The European Union ended a standoff with Italy over African immigration, agreeing to take 116 asylum-seekers rescued at sea but denied permission to go ashore by the country’s right-wing interior minister.
The EU said Germany, France, Portugal, Luxembourg and Ireland agreed to take the asylum-seekers, meeting a condition set by Interior Minister Matteo Salvini for allowing the group to land.
An additional group of those rescued by the Italian coastguard would be received in Italy with the support of the Catholic Church, it added. Reports last week said there were 135 migrants on the vessel.
“Job done, mission accomplished,” Salvini tweeted after announcing he was willing to let the ship disembark.
A European Commission spokeswoman said the incident showed the urgent need for temporary arrangements to ensure disembarkations of rescued persons in a timely manner.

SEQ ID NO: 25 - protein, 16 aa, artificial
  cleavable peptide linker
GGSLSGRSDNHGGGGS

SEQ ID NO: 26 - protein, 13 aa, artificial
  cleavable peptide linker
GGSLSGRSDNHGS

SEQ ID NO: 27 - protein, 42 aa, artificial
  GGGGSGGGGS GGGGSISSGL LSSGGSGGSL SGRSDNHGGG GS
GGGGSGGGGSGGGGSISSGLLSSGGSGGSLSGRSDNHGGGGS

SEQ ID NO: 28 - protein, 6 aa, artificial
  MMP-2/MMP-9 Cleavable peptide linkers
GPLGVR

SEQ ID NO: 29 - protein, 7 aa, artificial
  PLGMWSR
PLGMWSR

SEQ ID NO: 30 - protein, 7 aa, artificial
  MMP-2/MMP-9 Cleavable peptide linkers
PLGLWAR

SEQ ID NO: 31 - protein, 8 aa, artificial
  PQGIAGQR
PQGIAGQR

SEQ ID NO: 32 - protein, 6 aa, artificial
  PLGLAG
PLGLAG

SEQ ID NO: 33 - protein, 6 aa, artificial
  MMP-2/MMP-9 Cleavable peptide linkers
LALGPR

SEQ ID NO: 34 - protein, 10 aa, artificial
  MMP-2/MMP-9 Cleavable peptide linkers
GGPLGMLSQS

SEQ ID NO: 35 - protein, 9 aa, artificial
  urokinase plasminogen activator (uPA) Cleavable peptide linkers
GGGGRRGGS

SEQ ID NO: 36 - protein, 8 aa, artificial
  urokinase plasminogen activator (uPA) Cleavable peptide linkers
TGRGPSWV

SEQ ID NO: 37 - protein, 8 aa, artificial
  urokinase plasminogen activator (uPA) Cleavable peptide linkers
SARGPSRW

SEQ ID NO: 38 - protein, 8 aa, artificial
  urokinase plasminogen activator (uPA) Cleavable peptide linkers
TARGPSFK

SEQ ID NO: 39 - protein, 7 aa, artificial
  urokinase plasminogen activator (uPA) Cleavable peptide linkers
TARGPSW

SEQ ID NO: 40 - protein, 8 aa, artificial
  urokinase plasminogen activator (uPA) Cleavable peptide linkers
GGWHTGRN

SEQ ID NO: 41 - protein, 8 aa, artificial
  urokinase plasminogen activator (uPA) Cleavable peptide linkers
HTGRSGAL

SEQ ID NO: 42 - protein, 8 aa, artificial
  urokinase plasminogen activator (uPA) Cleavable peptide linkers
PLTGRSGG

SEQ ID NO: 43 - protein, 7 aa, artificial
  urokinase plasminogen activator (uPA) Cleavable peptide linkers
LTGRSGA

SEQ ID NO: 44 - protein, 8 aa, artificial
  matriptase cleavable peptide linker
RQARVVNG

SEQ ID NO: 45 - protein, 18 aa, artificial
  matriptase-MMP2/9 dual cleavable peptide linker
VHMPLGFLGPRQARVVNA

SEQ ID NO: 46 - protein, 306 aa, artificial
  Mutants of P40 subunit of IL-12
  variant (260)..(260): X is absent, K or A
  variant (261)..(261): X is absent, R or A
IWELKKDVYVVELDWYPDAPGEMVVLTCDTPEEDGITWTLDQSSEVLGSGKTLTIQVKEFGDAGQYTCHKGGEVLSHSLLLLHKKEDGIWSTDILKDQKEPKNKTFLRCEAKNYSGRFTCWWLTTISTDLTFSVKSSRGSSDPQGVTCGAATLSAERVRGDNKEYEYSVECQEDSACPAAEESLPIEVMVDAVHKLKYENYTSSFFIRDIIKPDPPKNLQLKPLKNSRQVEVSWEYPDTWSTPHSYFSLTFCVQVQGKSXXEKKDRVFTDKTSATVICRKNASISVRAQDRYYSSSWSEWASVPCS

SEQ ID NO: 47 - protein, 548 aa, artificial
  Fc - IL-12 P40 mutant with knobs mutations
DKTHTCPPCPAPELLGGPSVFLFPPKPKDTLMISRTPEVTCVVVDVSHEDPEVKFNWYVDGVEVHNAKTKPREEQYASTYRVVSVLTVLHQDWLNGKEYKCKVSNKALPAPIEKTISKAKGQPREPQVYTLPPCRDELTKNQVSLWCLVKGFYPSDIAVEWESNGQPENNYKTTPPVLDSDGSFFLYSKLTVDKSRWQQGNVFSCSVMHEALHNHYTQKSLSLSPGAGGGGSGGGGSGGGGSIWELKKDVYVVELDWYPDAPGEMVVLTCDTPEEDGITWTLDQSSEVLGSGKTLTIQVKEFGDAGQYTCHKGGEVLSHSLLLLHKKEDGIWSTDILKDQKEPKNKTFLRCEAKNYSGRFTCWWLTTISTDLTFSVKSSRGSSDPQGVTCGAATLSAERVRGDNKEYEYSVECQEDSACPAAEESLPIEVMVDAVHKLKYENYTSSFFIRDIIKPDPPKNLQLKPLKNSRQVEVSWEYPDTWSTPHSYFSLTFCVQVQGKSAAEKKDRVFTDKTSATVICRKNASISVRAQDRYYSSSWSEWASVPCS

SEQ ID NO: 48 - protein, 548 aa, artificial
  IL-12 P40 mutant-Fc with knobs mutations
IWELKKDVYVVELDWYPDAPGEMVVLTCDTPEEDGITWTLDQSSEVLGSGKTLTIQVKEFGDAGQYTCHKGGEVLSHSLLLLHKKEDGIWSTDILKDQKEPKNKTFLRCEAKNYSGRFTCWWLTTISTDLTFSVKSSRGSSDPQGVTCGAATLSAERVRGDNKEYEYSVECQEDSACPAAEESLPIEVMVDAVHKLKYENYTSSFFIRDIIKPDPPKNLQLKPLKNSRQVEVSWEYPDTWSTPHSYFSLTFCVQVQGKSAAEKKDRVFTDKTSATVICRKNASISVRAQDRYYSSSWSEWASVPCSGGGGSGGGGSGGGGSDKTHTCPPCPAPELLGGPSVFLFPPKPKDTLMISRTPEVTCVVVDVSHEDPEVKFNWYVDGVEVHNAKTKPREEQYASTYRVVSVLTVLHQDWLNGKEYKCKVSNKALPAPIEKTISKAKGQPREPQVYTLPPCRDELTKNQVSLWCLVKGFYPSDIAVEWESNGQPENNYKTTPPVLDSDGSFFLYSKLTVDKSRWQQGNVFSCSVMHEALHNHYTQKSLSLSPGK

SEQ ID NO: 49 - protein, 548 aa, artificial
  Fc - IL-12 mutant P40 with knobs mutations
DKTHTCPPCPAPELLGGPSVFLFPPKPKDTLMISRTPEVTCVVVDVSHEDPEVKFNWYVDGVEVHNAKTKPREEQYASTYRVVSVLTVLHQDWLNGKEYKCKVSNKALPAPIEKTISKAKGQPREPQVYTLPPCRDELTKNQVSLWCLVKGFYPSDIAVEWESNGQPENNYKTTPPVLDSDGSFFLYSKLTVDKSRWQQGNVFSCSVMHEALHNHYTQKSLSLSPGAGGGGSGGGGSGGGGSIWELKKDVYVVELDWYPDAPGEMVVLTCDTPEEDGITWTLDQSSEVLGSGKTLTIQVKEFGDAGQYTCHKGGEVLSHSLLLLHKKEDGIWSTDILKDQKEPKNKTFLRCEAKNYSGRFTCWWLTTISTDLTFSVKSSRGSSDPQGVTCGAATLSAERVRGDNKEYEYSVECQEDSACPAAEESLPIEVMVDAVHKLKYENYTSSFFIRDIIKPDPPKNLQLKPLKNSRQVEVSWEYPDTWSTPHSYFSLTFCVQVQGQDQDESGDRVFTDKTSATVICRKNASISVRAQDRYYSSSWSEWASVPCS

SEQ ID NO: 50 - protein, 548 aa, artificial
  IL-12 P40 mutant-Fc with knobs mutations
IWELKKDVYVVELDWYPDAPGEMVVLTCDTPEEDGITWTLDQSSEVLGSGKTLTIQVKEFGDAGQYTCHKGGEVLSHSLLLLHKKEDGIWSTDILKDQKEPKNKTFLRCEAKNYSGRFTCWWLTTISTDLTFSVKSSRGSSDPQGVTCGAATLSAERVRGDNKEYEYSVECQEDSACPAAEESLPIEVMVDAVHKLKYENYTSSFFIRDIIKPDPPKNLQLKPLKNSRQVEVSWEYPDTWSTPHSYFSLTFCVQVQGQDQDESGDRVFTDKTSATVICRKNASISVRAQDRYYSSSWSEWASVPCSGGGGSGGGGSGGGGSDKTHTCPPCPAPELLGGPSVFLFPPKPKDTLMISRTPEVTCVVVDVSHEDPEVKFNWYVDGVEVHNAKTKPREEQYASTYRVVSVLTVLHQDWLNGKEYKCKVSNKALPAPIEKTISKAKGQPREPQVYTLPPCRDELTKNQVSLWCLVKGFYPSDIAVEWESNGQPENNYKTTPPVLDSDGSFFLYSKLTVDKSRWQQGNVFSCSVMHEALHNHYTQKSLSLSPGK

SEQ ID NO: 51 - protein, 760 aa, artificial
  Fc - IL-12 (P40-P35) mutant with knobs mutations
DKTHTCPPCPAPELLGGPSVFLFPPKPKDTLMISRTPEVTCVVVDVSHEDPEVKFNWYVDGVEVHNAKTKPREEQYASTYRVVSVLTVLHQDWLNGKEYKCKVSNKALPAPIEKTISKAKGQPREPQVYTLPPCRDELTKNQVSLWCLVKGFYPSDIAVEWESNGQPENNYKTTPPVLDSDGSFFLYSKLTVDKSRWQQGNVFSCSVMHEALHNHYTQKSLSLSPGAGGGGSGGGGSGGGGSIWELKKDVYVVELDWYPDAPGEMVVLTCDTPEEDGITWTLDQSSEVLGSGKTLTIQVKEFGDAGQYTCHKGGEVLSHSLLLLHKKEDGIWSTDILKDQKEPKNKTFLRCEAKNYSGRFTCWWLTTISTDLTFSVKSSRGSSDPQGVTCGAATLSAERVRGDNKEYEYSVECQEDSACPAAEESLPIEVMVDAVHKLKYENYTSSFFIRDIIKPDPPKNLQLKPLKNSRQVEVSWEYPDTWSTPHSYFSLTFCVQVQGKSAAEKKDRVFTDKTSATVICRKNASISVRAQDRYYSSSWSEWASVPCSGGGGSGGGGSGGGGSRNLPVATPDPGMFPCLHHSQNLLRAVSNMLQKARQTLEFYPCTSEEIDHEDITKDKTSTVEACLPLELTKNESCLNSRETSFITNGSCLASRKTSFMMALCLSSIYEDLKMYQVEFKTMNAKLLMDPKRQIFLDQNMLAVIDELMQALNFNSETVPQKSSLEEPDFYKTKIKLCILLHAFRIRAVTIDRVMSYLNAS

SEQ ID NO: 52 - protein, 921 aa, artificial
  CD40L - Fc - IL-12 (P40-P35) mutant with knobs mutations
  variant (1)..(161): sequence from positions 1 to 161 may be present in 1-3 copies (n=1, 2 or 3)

The French presidency said France was “doing its bit.”
Salvini, also Italy’s deputy prime minister, staked much of his political credibility on halting migrant flows.
Shutting Italian ports to charity rescue ships is a frequent strategy to force the EU’s hand in dealing with migrants.
In a statement on Facebook, Salvini said a boat from a German charity carrying 40 rescued asylum seekers off Libya would be stopped from disembarking in Italy.
“In the next few minutes I will sign a ban on admission and transit in Italian waters,” Salvini said.
Last August, he prevented another coastguard boat carrying 150 migrants from docking for five days until Albania, Ireland and Italy’s Catholic Church agreed to take responsibility.